After a Long Day's Journey

February 27, 2012 | by by janice o’leary | Style & Beauty

Shreve, Crump & Low sterling silver beaded mint julep cup ($874), 232 Boylston St., Chestnut Hill, 617-969-6262

You’ve heard him on both television and radio for years—Will Lyman has been the voice of BMW, but most famously remains the voice of Frontline. In April, he’ll be on stage at the New Repertory Theatre playing the lead role of James Tyrone in Long Day’s Journey into Night, which happens to be Lyman’s favorite of all of Eugene O’Neill’s work. “It’s such a heartfelt story, one of those plays where nothing really happens, but it’s riveting to watch the characters attempt to care for and express love for one another,” he says. “They’re just unable to do it. You can’t discount the past, so all the pain of their past comes up in their faces every time. I find it lovely and heartbreaking at the same time.”

“O’Neill’s plays changed the course of American theater history,” says Lyman, by leaving out spoken interior monologues and having characters confronting their failures in a naturalistic way. “Not realistic, but naturalistic,” he says. But Lyman is no stranger to monologues, having long been part of the voice-over business. “I got into it to survive in theater,” he says. “The first one I did was for Stanley Hand Tools. It’s so easy compared to theater—you don’t have to shave or have your hair done. I could do it in my pajamas… if I wore pajamas.”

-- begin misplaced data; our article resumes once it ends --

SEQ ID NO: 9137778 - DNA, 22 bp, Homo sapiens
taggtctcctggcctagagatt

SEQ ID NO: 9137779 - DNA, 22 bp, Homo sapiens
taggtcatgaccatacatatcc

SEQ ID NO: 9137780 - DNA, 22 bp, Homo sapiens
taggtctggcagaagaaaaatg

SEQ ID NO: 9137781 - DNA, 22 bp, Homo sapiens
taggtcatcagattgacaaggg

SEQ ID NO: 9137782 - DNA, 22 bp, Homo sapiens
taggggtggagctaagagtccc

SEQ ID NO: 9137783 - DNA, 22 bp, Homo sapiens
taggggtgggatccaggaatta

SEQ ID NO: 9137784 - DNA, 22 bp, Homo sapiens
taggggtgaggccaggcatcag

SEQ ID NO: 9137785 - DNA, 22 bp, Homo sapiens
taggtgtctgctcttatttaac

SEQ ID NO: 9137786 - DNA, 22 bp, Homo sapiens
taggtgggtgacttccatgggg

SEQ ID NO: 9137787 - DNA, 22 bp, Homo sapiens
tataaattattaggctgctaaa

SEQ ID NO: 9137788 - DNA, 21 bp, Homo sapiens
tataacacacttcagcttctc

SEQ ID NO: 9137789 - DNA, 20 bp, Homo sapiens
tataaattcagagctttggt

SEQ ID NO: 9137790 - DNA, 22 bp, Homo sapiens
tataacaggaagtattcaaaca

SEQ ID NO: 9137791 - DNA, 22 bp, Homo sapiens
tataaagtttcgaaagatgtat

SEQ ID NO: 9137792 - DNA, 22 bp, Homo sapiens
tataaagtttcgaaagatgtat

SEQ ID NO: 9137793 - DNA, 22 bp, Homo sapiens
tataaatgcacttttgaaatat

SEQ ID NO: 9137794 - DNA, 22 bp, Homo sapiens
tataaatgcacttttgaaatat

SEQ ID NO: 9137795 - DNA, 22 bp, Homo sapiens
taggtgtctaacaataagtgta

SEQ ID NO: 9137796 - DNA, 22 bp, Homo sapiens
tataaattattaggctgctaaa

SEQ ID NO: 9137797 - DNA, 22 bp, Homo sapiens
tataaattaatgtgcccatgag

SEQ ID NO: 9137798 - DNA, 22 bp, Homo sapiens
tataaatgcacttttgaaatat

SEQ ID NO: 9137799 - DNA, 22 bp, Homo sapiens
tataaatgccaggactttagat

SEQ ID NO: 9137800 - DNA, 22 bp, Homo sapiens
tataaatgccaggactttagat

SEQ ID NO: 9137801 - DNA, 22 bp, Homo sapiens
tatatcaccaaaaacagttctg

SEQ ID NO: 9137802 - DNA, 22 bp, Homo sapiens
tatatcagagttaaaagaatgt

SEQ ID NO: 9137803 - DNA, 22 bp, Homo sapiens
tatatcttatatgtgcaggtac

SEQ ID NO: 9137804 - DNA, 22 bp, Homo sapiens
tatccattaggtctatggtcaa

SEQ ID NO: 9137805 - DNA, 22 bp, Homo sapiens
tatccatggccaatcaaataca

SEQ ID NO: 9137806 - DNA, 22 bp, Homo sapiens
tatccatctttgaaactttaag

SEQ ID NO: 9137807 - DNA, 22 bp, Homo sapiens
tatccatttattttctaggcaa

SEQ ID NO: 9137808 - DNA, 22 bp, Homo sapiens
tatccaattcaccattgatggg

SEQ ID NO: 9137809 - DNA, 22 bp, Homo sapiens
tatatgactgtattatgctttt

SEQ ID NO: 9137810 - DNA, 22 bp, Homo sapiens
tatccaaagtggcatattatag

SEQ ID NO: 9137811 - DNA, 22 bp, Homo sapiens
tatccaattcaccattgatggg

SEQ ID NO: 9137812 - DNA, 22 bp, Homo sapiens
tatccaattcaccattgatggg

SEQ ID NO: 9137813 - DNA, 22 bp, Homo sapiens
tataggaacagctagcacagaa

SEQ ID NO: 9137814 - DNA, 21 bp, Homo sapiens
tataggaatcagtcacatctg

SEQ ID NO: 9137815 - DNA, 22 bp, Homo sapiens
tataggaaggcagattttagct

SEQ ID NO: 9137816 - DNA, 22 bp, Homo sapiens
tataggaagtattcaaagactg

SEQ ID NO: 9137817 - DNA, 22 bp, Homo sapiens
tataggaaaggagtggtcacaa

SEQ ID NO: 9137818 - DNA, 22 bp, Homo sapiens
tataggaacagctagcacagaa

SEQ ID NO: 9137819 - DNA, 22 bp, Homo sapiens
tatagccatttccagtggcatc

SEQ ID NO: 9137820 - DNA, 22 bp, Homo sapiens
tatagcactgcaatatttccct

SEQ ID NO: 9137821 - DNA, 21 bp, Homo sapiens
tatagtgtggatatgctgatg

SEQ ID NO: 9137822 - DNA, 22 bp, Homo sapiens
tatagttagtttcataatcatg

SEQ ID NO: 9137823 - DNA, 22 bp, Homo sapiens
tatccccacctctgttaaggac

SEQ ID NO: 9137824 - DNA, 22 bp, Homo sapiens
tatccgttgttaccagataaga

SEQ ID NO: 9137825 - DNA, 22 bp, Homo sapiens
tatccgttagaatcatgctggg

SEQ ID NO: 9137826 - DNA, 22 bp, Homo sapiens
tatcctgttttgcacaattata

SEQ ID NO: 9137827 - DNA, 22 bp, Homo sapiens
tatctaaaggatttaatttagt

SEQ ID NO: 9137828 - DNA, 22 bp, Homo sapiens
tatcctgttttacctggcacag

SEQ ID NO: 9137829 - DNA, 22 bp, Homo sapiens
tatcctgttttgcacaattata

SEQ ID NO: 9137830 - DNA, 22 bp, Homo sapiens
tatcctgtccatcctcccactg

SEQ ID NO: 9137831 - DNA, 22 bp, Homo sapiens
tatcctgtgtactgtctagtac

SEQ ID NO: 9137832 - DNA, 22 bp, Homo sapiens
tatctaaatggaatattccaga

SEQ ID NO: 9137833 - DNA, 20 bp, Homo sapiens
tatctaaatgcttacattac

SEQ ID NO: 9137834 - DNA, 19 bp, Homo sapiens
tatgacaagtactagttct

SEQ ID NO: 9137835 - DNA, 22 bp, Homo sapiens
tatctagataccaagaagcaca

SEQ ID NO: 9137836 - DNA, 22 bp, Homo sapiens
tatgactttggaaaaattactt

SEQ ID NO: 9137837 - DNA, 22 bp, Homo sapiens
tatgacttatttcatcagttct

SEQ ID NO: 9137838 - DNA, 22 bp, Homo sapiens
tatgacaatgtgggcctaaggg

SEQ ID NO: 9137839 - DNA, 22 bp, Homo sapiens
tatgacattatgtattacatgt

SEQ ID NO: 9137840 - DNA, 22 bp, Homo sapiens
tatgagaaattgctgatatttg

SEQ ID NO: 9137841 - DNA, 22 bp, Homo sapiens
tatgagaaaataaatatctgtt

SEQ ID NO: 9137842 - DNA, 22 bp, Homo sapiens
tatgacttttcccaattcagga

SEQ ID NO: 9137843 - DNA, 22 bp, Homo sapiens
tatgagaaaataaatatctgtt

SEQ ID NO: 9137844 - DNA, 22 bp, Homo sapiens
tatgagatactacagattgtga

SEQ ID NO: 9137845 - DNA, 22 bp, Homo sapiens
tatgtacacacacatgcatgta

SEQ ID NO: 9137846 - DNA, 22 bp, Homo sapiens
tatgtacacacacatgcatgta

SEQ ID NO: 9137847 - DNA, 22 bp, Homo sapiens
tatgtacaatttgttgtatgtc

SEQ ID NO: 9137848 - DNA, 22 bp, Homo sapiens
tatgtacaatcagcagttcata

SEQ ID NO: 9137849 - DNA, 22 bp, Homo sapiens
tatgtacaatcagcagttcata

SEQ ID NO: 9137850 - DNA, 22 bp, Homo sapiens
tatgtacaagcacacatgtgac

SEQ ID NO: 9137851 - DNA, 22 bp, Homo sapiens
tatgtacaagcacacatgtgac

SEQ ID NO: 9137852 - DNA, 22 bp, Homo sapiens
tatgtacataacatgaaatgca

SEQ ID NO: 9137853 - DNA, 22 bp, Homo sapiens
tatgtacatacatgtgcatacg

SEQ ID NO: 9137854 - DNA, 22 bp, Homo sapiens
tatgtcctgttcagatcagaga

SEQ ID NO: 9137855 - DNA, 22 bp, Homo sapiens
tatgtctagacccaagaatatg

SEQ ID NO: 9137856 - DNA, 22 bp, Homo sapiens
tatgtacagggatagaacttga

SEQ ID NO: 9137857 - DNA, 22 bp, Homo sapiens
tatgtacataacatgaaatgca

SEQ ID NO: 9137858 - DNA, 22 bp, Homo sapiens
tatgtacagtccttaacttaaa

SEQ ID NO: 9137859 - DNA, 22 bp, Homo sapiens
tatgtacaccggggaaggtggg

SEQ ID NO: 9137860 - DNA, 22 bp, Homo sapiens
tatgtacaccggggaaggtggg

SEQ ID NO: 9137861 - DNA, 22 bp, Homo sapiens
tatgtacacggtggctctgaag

The Burlington, Vermont, native is also on the board of the Commonwealth Shakespeare Company and is as passionate about the bard’s classic work as he as about O’Neill’s. He’s seen Hamlet 16 times, including standing through a four-hour performance at Stratford-upon-Avon at age 18. “I never even noticed my feet,” he says.

He’s always been a bourbon drinker, but after meeting his Southern-raised wife, Anastasia, and spending time with her family in New Orleans, Lyman developed a taste for the mint julep. As soon as the mint comes into season in his Jamaica Plain garden, he breaks out the muddler. “The key is to not put any water in it,” he advises. And he insists that including some bits of stem in the drink is not much ado about nothing: “There’s good oil in the stem as well as in the leaves.” For tickets to Long Day’s Journey into Night, call 617- 923-8487.

Lyman’s Mint Julep

  • At least 2 oz. good bourbon, such as Bulleit
  • 6 to 8 fresh mint leaves (including top leaves and bits of stem)
  • ¼ to ½ tsp. confectioner’s sugar

Use a heavy pestle and a splash of bourbon to muddle the mint leaves and the sugar, being sure to crush the stems to release the most mint flavor. Swirl until sugar is dissolved, fill the glass with crushed ice, and top with bourbon.

 

Photograph by William Brinson; Styling by Ed Gabriels for Halley Resources

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